Are manual gearboxes heading the way of the dodo? Car buyers who loved shifting gears by themselves are now facing the dilemma as the choices for new cars with a manual ‘box are getting lesser by the day. The demand for such cars today are so low that one day local manufacturers such as Proton and Perodua may drop the manual transmission option even for its most basic models. But until that bleak scenario arrives, let’s discuss one of the mid-segment cars offered with a manual gearbox – the Proton Preve Executive Manual.
The usual perception was manual transmission cars were labelled as the baseline model and that’s not an exception in this case. We have featured this as one of our buyer’s guide here and at some point this car is of the last bastions for the manual transmission cars at an affordable range of under RM60K. Whether you agree on this or not, the Preve Executive Manual somehow an underrated car even by Proton’s standards.
Being a two-year old model, I won’t elaborate much on the exterior; however interior wise, the keyless push-start button from the CFE was replaced by the standard key-based ignition. Personally I’m not a fan of Proton’s keyless push-start which looked like how the five heroes started their robotic lions in the Voltron cartoon series. The LCD touchscreen headset from the CFE Premium was replaced by Blaupunkt’s dated standard CD player unit.
That aside, the Preve Executive Manual has all the goodies the CFE sibling has, including LED lights, six airbags, ISOFIX seats, Electronic Stability Control, Brake Assist with Traction Control, and the standard ABS/EBD. Not forgetting this car scored a decent five-star ANCAP ratings, so the perception of Proton cars have the strength of a popular green beverage can is everything but history.
The CFE powertrain was replaced by the dated and tired 107bhp Campro IAFM+ engine, which seems underpowered for the car weights 1.3 tonnes. Therefore, the engine needs to be worked up by hitting the revs up to 2000rpm and above since there isn’t much torque anything below that aforementioned figures. Annoyingly, the Campro’s coarse nature means engine noise is audible to the driver. We do wish Proton would consider bringing the manual gearbox option for the Campro CFE model, but two years after the Preve made its debut, there is still no sign of it.
Thankfully, the Preve’s manual gearbox did a lot to counter the engine’s deficit. Gone with the days of the notchy Mitsubishi-sourced gearboxes or the rubbery feel from Aisin as the Getrag’s five-speed manual gearbox is a gem here. The smooth and slick gear change complemented with a light clutch mean switching gears by yourself isn’t a chore. In fact, driving it in a civilized manner and you’ll be awarded with a smooth driving experience. Not forgetting, fuel consumption is pretty decent, with 12 km/L is achievable should you drive in sedate speeds with early and smooth gearshifts.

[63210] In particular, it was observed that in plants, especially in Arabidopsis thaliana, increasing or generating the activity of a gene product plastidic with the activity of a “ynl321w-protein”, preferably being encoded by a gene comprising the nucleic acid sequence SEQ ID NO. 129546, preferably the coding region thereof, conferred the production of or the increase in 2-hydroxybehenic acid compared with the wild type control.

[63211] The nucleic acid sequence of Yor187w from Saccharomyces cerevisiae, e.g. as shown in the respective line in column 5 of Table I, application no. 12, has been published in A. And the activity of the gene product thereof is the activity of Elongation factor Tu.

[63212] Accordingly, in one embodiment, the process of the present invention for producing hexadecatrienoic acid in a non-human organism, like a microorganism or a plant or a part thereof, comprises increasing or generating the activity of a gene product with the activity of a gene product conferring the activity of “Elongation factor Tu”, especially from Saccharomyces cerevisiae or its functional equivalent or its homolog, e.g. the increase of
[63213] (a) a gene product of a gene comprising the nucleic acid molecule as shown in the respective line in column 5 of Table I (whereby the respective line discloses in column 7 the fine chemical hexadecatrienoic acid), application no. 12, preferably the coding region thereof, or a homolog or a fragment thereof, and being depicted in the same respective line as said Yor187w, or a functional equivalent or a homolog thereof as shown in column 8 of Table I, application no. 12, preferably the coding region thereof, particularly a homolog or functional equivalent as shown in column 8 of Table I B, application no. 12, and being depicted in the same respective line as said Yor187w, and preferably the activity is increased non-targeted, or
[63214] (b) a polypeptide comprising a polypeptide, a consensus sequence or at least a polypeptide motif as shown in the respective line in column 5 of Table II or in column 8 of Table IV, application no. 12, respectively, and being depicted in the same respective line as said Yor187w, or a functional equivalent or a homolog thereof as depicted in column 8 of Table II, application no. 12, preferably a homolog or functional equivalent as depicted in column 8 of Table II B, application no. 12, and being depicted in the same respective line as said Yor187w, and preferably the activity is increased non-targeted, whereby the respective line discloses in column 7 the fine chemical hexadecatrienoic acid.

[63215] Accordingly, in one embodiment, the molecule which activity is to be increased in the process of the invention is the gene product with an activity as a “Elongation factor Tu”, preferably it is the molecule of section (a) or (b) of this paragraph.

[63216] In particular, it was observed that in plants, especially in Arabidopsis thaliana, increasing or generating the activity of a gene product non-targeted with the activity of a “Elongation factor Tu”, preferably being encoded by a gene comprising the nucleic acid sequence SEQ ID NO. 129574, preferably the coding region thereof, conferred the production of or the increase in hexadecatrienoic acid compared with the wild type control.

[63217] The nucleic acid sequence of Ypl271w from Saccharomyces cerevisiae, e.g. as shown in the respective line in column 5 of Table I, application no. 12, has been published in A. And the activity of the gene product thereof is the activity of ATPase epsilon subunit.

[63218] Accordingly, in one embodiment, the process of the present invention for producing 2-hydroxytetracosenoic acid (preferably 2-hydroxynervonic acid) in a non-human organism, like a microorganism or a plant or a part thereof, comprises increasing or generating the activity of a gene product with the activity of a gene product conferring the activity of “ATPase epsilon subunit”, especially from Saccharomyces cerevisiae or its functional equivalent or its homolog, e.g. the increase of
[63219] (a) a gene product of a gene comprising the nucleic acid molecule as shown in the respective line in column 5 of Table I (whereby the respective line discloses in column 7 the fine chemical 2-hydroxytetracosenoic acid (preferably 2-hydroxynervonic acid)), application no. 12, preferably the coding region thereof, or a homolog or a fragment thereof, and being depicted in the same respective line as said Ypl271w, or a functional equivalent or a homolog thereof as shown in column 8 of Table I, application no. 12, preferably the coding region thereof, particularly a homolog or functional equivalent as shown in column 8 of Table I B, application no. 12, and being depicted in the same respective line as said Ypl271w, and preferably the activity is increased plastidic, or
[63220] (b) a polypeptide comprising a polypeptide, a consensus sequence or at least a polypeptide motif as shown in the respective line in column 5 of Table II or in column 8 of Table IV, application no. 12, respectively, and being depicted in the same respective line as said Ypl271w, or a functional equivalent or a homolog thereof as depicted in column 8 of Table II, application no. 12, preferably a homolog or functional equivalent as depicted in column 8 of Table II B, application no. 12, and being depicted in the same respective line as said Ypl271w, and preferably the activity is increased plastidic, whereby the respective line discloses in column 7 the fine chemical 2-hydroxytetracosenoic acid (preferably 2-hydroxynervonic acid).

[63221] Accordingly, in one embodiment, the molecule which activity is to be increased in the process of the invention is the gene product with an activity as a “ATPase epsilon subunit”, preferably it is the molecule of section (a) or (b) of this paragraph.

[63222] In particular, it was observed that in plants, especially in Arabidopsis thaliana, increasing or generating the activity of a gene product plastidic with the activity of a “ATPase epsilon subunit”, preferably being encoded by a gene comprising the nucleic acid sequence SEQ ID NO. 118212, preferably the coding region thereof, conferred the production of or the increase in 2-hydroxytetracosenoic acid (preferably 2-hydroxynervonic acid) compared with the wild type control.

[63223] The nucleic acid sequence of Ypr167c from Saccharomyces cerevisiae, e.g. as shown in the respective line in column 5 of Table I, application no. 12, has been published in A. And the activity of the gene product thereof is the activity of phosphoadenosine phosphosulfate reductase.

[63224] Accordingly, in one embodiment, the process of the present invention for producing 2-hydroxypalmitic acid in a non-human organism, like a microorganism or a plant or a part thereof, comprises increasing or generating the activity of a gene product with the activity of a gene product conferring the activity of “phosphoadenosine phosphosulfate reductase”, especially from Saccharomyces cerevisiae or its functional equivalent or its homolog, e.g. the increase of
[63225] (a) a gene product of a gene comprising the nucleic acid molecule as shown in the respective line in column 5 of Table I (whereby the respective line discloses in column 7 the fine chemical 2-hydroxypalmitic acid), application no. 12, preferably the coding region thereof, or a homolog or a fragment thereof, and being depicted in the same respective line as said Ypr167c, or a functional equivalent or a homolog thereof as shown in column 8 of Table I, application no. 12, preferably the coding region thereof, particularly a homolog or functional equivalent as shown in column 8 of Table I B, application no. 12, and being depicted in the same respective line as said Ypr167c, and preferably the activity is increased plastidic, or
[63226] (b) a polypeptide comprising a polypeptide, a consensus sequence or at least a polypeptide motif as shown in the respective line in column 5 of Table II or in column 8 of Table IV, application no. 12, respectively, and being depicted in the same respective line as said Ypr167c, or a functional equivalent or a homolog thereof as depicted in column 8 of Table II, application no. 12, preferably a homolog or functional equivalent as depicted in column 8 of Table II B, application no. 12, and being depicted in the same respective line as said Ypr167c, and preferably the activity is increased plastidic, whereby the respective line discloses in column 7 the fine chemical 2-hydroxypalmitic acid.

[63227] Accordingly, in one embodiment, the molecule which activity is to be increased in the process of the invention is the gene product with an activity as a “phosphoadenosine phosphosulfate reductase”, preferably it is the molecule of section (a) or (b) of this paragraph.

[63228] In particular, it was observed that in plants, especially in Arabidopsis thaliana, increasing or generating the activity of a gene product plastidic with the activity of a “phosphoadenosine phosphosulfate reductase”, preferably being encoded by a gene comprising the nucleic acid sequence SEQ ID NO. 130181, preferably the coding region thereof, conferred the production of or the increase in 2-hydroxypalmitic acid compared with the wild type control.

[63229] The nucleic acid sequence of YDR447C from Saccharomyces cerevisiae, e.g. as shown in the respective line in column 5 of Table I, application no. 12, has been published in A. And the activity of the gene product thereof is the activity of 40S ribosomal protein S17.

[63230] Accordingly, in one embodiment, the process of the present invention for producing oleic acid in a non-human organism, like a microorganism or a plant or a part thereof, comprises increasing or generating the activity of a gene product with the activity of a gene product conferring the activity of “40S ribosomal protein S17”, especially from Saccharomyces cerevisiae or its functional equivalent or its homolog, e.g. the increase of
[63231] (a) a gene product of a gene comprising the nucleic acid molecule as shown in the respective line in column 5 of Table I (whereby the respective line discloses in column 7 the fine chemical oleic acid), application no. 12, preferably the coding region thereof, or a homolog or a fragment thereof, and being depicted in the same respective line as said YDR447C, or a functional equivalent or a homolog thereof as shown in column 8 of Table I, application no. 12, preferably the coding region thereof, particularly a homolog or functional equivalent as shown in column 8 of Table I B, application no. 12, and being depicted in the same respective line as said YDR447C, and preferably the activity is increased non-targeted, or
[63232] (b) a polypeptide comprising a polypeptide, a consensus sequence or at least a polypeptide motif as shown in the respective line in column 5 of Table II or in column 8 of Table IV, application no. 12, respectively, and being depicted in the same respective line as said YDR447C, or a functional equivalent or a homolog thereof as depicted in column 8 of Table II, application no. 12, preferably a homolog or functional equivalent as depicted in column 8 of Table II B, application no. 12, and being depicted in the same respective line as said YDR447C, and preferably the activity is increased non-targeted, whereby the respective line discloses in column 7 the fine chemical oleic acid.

When it comes to having fun, this is where the Preve shines as the car handles well in hard cornering with much composure; a testament of Preve’s fine chassis that brings confidence to drivers. Adding to that package includes the Hydraulic steering that gives good feedback to the driver and a fairly effective brakes.
The ride is firm yet still comfortable, an art even the Japanese couldn’t master as proven in the recent B-segment saloons the Preve is usually compared with. Put yourself in the driver’s seat of this car on Malaysia’s b-roads and you will be rewarded with some of the finest driving experience for less than RM60,000. The only thing that is short from turning the Preve into a great driving machine is perhaps a rear-wheel drivetrain. However, adding a sports clutch and some grippy tyres can turn this Preve into a decent tarmac attacking machine.
Priced at RM58,485.00 for solid and RM58,935.00 for metallic, do look around in Mudah and you can get rebates up to RM3,000 – RM5,000. This means for around a price of a 1.5 Myvi, you get yourself a practical yet fun driving saloon that rewards a driving enthusiast more than the typical Japanese B-segment saloon.
There’s a popular phrase from WildAid indicates that when the buying’s stop, the killing can too. Perhaps in this context, when the buying (cars with manual gearboxes) resumes, the killing-off can too. Cars such as this deserve your attention and support should you value driving dynamics with practicality on mind. Should that be ignored, manual gearboxes will join cassette players into the growing list of automotive irrelevance.
Proton Preve Executive Manual Specifications:
Engine: CamPro IAFM+, 1,597cc
Transmission: 5-speed manual (Getrag)
Max power: 107bhp
Max torque: 150Nm/4000
Suspension F/R: MacPherson struts / Multilink with Stabiliser Bar
Brakes F/R: Ventilated discs / Solid discs
Wheels & Tyres: 205/55 R16-Alloy
Dimensions L/W/H (mm): 4543 x 1786 x 1524
Kerb weight: 1,325kg
Fuel tank: 50L